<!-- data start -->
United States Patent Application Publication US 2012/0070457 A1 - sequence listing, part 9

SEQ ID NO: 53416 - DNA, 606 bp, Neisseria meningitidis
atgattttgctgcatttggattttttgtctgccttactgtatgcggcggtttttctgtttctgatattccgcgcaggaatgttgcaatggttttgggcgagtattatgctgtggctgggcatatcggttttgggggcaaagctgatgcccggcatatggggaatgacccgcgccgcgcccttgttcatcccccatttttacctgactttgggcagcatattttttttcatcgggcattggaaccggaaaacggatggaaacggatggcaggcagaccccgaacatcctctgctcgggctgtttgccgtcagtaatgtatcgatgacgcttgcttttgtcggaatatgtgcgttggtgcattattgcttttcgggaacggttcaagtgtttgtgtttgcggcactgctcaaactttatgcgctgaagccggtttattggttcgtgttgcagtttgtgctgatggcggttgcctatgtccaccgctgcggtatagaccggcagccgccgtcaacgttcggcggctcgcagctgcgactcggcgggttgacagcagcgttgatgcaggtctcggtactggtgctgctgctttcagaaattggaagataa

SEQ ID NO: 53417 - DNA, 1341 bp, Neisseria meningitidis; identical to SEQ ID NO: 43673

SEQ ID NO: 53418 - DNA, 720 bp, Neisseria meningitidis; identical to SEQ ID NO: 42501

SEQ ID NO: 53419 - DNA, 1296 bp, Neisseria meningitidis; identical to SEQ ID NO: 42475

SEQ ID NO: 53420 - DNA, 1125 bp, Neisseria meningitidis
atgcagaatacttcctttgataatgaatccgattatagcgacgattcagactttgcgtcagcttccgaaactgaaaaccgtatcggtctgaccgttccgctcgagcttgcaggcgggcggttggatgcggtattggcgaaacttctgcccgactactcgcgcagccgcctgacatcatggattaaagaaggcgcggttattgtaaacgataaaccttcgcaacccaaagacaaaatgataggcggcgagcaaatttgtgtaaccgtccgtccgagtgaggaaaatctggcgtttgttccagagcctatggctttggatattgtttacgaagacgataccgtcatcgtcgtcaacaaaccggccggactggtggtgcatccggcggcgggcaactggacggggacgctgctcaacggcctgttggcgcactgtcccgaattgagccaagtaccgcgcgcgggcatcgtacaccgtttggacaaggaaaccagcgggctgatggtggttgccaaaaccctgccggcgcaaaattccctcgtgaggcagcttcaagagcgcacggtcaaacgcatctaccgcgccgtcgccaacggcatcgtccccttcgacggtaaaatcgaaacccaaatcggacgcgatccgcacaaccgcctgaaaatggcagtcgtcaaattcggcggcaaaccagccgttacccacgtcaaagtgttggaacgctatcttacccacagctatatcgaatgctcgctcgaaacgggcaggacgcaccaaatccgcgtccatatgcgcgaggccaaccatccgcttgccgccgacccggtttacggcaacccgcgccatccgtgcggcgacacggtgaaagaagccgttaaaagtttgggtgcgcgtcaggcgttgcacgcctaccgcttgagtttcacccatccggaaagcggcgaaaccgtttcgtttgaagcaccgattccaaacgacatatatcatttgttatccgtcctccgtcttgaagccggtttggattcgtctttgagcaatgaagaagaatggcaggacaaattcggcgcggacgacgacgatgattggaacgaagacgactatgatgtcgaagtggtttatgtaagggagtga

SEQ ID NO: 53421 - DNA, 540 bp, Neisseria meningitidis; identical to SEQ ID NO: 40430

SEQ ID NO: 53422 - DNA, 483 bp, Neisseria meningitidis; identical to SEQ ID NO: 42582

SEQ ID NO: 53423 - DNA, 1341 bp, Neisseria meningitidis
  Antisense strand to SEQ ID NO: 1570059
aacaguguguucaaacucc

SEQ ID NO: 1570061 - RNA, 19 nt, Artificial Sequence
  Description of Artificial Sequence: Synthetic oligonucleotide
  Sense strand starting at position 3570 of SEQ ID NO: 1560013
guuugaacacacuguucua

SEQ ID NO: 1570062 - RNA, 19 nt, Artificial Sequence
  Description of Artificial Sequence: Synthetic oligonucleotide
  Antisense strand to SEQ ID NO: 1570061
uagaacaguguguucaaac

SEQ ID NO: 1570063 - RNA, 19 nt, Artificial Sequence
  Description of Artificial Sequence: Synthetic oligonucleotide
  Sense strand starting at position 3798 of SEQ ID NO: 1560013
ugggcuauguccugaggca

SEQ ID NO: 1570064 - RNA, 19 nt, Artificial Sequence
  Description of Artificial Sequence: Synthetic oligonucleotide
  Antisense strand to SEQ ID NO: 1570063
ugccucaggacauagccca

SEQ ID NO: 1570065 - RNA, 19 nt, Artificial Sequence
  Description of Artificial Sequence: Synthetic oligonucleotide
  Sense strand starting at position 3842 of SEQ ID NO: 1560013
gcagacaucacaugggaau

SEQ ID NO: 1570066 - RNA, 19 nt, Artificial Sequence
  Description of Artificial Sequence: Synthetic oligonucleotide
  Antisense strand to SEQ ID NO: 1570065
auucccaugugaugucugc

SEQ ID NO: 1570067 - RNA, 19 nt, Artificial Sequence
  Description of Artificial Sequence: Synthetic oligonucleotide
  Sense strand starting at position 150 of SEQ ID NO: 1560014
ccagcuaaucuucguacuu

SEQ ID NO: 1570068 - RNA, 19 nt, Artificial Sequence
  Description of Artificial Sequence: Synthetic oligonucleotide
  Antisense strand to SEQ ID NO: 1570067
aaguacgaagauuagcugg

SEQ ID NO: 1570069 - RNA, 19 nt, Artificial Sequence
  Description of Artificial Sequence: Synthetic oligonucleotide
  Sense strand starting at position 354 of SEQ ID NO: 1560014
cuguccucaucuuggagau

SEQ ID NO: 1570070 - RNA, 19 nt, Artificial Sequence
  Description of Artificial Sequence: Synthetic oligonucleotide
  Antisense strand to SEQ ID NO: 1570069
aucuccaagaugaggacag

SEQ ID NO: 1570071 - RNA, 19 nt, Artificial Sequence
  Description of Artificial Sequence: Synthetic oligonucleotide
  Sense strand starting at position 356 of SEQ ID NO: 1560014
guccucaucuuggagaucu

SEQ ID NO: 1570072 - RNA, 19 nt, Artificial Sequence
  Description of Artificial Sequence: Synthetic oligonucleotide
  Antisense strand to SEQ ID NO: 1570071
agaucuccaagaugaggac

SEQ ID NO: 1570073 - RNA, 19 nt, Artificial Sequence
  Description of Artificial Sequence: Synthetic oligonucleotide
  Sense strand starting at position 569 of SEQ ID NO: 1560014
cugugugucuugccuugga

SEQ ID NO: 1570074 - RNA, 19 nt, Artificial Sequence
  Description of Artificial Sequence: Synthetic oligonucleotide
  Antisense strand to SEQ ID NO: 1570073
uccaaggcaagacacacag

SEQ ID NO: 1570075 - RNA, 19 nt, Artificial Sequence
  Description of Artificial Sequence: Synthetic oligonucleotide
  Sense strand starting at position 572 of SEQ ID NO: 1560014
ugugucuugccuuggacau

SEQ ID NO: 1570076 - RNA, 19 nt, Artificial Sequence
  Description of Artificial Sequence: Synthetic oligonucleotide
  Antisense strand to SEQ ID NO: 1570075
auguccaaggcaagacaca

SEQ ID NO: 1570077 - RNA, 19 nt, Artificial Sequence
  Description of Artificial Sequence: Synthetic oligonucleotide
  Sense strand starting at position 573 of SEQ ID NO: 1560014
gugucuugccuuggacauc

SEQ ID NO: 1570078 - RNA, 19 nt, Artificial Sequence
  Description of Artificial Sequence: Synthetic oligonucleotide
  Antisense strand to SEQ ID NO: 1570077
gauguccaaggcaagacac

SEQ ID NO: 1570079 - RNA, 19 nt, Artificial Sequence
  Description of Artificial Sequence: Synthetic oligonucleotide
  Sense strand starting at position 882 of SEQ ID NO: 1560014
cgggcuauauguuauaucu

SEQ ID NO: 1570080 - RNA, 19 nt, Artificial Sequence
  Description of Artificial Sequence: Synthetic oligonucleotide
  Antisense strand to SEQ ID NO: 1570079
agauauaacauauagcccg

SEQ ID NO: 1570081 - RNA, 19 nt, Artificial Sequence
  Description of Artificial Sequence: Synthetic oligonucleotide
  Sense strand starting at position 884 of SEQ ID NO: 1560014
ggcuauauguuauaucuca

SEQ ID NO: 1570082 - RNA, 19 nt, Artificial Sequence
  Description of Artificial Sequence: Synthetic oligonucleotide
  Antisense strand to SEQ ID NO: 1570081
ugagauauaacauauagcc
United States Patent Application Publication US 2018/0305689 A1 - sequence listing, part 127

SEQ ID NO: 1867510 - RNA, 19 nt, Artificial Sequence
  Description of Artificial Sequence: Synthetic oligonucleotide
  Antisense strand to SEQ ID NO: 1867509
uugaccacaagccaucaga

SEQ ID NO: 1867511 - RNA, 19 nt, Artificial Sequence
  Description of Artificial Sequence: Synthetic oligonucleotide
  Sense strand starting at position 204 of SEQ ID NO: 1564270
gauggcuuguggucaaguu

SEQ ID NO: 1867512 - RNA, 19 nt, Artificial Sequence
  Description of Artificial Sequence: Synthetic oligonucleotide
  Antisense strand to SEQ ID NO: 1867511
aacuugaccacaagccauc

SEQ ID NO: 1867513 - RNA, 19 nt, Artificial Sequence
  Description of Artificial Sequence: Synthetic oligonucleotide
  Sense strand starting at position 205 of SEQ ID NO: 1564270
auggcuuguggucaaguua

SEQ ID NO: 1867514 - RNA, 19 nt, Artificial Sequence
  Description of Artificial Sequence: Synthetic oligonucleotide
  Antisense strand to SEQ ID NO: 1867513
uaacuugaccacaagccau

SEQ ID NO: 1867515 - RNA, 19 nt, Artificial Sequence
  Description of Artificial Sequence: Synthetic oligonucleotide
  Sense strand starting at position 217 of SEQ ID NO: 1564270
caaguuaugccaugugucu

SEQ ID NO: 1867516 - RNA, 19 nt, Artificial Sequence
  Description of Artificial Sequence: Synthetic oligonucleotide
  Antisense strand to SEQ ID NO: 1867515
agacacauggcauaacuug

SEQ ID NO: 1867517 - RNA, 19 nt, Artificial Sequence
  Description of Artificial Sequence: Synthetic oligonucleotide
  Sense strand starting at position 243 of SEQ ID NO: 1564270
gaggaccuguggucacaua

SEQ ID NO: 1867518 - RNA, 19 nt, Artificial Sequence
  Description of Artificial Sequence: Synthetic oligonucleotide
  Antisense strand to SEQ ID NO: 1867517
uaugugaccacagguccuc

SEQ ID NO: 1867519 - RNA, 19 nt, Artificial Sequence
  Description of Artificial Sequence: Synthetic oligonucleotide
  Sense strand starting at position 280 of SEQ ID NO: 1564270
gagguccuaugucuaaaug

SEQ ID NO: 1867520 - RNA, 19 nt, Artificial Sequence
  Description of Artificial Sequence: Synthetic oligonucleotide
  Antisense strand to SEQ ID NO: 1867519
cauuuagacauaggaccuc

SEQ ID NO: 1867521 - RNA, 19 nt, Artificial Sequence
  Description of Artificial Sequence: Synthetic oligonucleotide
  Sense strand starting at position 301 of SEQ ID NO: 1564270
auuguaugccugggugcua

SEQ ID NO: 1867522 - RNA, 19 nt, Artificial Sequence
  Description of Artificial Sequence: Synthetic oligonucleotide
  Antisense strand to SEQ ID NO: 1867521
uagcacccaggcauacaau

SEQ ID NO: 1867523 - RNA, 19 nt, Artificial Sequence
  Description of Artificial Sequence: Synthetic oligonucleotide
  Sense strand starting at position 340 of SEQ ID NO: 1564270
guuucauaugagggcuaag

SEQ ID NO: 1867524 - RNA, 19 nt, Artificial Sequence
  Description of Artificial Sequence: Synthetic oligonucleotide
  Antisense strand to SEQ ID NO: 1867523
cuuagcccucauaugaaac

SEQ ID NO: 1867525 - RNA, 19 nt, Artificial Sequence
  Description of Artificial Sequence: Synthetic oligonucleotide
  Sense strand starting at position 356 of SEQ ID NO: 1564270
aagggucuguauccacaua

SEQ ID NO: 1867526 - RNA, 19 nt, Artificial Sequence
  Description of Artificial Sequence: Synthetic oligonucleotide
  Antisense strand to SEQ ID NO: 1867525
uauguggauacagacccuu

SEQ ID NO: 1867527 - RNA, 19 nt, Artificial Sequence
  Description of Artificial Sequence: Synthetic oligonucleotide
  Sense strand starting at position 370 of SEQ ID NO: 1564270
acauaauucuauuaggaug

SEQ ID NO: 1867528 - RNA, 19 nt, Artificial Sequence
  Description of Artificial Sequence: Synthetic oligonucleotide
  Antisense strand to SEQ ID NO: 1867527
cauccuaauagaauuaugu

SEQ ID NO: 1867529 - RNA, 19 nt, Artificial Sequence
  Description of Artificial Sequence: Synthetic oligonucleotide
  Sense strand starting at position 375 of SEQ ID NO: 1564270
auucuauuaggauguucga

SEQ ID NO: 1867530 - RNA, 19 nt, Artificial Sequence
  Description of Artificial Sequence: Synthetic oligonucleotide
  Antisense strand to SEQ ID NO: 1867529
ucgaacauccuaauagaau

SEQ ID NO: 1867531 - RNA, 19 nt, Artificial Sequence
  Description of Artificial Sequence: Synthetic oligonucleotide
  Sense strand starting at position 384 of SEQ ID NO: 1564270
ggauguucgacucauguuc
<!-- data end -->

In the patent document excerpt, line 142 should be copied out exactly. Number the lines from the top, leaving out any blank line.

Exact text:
gagguccuaugucuaaaug